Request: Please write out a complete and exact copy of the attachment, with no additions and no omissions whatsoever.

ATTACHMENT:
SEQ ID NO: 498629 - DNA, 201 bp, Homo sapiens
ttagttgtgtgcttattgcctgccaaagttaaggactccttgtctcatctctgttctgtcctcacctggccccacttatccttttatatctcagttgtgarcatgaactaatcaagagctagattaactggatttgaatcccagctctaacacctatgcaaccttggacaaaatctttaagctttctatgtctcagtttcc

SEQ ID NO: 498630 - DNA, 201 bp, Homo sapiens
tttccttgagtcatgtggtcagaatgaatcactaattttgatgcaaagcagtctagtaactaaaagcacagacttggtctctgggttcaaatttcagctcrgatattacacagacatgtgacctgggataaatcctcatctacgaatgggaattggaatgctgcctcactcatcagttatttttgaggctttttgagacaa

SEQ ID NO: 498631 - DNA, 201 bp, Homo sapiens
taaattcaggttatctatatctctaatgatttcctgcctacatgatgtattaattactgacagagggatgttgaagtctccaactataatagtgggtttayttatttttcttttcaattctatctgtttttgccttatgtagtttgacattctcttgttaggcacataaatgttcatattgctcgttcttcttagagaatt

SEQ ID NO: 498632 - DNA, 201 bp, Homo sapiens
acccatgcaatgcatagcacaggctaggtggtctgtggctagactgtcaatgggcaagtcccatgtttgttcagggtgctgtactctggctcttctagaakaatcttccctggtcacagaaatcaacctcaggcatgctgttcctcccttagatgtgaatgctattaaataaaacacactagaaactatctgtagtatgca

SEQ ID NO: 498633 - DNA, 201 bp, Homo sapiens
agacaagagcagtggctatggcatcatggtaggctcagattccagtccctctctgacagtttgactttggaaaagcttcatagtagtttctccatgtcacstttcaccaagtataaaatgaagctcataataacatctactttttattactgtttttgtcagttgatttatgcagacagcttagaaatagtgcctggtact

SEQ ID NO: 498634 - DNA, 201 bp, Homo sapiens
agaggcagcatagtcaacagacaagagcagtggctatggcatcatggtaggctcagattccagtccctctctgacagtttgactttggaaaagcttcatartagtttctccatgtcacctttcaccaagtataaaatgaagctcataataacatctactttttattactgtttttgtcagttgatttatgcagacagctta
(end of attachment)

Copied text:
SEQ ID NO: 498629 - DNA, 201 bp, Homo sapiens
ttagttgtgtgcttattgcctgccaaagttaaggactccttgtctcatctctgttctgtcctcacctggccccacttatccttttatatctcagttgtgarcatgaactaatcaagagctagattaactggatttgaatcccagctctaacacctatgcaaccttggacaaaatctttaagctttctatgtctcagtttcc

SEQ ID NO: 498630 - DNA, 201 bp, Homo sapiens
tttccttgagtcatgtggtcagaatgaatcactaattttgatgcaaagcagtctagtaactaaaagcacagacttggtctctgggttcaaatttcagctcrgatattacacagacatgtgacctgggataaatcctcatctacgaatgggaattggaatgctgcctcactcatcagttatttttgaggctttttgagacaa

SEQ ID NO: 498631 - DNA, 201 bp, Homo sapiens
taaattcaggttatctatatctctaatgatttcctgcctacatgatgtattaattactgacagagggatgttgaagtctccaactataatagtgggtttayttatttttcttttcaattctatctgtttttgccttatgtagtttgacattctcttgttaggcacataaatgttcatattgctcgttcttcttagagaatt

SEQ ID NO: 498632 - DNA, 201 bp, Homo sapiens
acccatgcaatgcatagcacaggctaggtggtctgtggctagactgtcaatgggcaagtcccatgtttgttcagggtgctgtactctggctcttctagaakaatcttccctggtcacagaaatcaacctcaggcatgctgttcctcccttagatgtgaatgctattaaataaaacacactagaaactatctgtagtatgca

SEQ ID NO: 498633 - DNA, 201 bp, Homo sapiens
agacaagagcagtggctatggcatcatggtaggctcagattccagtccctctctgacagtttgactttggaaaagcttcatagtagtttctccatgtcacstttcaccaagtataaaatgaagctcataataacatctactttttattactgtttttgtcagttgatttatgcagacagcttagaaatagtgcctggtact

SEQ ID NO: 498634 - DNA, 201 bp, Homo sapiens
agaggcagcatagtcaacagacaagagcagtggctatggcatcatggtaggctcagattccagtccctctctgacagtttgactttggaaaagcttcatartagtttctccatgtcacctttcaccaagtataaaatgaagctcataataacatctactttttattactgtttttgtcagttgatttatgcagacagctta